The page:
Saturday, July 10, 2010
The BMW City pants I have ride up the legs very bad. No idea why as the armor is adjustable and I have tried it in all positions and comfortable in any position but the legs just want to ride up and sit at the top of my boots. After my last ride to the New England Tablelands with the colder air chaffing my exposed lower legs I decided to try find a solution as the pants are otherwise very comfortable and seem to be perfect fit.
I obtained these clamps/straps very reasonably priced from eBay (look awhile before buying - the prices vary wildly) and tried them out last ride. Happy to say they work perfectly, they did not intrude yet held the pants in place. They are adjustable for length and the clamps held fast all day yet do not a fix in a way to damage your clothes. Living in the tropics I only see myself wearing these on the odd cold days but for a couple of dollars it really makes a difference to my comfort on cool days where I would not don my full winter gear but don't want cold morning air circulating around the tops of my boots thus making my lower legs and feet cold.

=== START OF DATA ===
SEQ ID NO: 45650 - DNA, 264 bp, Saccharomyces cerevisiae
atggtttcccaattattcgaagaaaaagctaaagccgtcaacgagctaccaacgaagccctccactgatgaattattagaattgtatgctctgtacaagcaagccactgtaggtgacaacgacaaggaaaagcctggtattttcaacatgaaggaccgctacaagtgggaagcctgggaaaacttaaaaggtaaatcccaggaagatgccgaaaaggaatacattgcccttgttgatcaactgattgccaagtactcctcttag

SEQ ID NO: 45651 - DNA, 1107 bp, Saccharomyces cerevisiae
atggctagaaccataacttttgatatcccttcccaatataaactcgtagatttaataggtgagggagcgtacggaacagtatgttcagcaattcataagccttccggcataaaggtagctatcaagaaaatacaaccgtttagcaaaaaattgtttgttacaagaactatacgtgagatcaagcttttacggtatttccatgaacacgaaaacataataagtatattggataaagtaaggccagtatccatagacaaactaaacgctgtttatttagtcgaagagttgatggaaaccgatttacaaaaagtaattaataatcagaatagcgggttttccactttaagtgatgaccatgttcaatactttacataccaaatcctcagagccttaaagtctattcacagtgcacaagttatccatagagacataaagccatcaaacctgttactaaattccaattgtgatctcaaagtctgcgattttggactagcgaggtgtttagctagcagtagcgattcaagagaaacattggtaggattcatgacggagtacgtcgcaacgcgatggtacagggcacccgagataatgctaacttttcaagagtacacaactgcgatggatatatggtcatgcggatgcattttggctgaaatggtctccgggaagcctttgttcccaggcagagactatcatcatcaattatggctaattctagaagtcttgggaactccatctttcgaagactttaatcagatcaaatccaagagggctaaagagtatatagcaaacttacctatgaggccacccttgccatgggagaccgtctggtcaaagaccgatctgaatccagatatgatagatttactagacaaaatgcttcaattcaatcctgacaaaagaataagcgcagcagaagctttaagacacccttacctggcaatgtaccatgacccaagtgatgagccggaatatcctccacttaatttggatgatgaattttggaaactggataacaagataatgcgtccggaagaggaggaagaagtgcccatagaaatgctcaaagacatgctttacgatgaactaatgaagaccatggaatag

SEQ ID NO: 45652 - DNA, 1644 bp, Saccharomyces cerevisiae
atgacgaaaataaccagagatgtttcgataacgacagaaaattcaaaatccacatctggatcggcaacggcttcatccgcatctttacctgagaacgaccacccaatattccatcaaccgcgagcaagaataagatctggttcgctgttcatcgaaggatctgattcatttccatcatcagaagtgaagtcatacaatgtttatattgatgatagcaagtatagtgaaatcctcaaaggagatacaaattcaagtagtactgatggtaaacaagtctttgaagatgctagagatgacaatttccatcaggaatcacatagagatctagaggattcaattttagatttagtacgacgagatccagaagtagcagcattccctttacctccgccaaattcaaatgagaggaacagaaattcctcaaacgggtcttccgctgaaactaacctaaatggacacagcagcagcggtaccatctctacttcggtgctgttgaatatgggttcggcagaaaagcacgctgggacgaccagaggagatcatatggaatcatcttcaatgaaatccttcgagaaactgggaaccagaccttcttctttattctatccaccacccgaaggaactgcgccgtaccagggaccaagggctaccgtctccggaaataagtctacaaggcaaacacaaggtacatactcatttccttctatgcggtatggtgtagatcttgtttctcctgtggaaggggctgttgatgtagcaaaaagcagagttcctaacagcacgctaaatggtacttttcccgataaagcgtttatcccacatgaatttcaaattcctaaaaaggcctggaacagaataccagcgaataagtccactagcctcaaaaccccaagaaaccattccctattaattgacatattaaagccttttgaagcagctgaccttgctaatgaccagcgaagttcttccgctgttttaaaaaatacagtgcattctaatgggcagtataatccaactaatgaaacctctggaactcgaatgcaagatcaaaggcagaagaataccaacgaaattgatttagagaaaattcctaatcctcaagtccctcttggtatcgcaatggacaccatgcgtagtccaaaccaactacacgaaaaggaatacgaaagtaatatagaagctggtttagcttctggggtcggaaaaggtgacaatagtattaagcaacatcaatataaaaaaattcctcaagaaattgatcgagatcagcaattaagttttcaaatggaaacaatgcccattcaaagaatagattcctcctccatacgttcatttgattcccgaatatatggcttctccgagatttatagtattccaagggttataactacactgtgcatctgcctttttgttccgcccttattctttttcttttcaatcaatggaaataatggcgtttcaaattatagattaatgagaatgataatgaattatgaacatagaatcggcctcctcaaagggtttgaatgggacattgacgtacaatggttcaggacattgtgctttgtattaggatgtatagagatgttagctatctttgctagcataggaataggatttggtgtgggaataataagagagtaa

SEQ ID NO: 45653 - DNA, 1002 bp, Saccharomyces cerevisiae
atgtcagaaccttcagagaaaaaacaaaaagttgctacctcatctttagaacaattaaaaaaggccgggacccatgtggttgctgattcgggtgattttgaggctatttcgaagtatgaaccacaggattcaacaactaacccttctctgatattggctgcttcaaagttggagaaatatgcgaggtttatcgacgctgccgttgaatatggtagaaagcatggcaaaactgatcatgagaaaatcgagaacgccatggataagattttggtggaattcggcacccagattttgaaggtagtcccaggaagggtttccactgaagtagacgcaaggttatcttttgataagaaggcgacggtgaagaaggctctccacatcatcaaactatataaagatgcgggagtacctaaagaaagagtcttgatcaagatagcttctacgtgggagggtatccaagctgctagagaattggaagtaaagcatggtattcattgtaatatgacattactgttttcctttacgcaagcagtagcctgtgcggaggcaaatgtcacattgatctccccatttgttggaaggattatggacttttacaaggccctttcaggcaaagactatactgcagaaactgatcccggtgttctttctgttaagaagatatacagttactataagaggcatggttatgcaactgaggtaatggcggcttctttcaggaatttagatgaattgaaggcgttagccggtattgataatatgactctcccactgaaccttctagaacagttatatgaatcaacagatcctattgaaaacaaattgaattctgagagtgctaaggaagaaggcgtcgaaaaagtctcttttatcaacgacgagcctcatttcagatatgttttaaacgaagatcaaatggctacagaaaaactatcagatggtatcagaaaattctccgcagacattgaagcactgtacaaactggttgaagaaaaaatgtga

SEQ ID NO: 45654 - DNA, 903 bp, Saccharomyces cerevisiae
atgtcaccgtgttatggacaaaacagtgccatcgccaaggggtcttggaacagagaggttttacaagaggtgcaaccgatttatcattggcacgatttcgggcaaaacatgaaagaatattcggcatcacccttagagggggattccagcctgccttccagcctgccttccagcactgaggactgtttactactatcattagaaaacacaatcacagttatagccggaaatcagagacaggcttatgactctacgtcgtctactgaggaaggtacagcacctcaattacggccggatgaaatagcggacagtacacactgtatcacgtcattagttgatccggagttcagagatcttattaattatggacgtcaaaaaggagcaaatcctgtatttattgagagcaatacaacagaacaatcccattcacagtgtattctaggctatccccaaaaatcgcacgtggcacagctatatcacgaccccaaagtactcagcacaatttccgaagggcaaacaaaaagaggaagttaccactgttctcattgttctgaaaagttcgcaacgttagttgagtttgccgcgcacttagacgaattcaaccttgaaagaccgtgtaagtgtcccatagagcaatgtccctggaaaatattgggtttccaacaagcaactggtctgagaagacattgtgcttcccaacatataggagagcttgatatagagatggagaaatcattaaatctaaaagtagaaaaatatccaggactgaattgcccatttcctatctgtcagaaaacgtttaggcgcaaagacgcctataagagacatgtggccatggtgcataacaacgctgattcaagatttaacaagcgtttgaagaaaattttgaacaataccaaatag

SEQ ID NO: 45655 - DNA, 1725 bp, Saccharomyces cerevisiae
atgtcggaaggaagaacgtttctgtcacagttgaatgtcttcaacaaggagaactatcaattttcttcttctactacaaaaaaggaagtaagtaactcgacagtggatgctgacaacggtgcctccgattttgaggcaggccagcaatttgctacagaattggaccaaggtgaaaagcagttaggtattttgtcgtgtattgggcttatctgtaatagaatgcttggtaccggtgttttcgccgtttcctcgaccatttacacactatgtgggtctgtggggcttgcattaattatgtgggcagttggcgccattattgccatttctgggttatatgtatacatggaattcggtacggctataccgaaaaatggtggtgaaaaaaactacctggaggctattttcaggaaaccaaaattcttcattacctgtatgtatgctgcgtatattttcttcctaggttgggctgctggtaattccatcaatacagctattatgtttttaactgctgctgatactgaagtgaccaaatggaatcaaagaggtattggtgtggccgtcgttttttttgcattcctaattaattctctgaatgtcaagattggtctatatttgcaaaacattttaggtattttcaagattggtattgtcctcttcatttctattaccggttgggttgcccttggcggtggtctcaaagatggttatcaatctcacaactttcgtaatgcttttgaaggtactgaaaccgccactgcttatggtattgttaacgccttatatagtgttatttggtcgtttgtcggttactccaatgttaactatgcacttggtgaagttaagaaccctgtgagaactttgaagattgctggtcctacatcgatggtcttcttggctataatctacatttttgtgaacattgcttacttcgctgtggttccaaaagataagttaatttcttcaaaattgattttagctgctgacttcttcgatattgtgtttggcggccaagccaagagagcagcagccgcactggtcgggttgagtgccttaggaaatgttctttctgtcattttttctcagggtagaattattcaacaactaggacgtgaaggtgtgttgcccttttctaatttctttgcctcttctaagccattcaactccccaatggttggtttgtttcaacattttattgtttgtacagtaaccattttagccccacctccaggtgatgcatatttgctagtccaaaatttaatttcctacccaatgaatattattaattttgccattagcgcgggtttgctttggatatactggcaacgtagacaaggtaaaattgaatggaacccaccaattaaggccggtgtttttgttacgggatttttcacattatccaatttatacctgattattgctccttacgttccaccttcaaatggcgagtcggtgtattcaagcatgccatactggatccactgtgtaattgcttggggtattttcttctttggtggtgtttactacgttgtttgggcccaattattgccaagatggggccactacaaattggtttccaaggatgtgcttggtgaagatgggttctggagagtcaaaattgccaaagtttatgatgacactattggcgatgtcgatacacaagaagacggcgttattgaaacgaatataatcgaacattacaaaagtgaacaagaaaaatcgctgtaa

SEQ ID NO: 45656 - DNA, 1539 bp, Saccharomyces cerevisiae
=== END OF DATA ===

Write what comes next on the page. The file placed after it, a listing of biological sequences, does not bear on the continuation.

Sunday, July 04, 2010
Despite being tempted to ride south and stay within the less cold coastal areas I went west after a slow start.
I stayed up later then I was going to watching tv and had a hard time getting going. I also left wearing regular summer socks and without my full winter gloves which I was going to regret by the time I got to Peak Crossing in route to Aratula, so I stopped to take some photos.
After refueling I stopped for a coffee to let the sun warm the air a bit more before riding up Cunningham's Gap. Nice little ride that actually, the curves are flowing and dual lanes means no getting stuck behind cars, reminds me of Burringbah range road except with much better views to your right on the ascent.
I had thought to ride the back roads out of Aratula and also over to Maryvale however turns out the road I was thinking of is not sealed. (I should of checked google street view) Great looking pub but not much else to the town, might make for a good lunch spot if riding from the other side of Queen Mary Falls.
The Cedar route is on your left after Gladfield. It runs via Freestone, Yangan, Emu Vale, Tannymorel and Killarney. Each intersection is well signposted so navigation is very easy. The road itself is not particularly curvy however there is enough variation and top scenery to look at. I enjoyed riding it.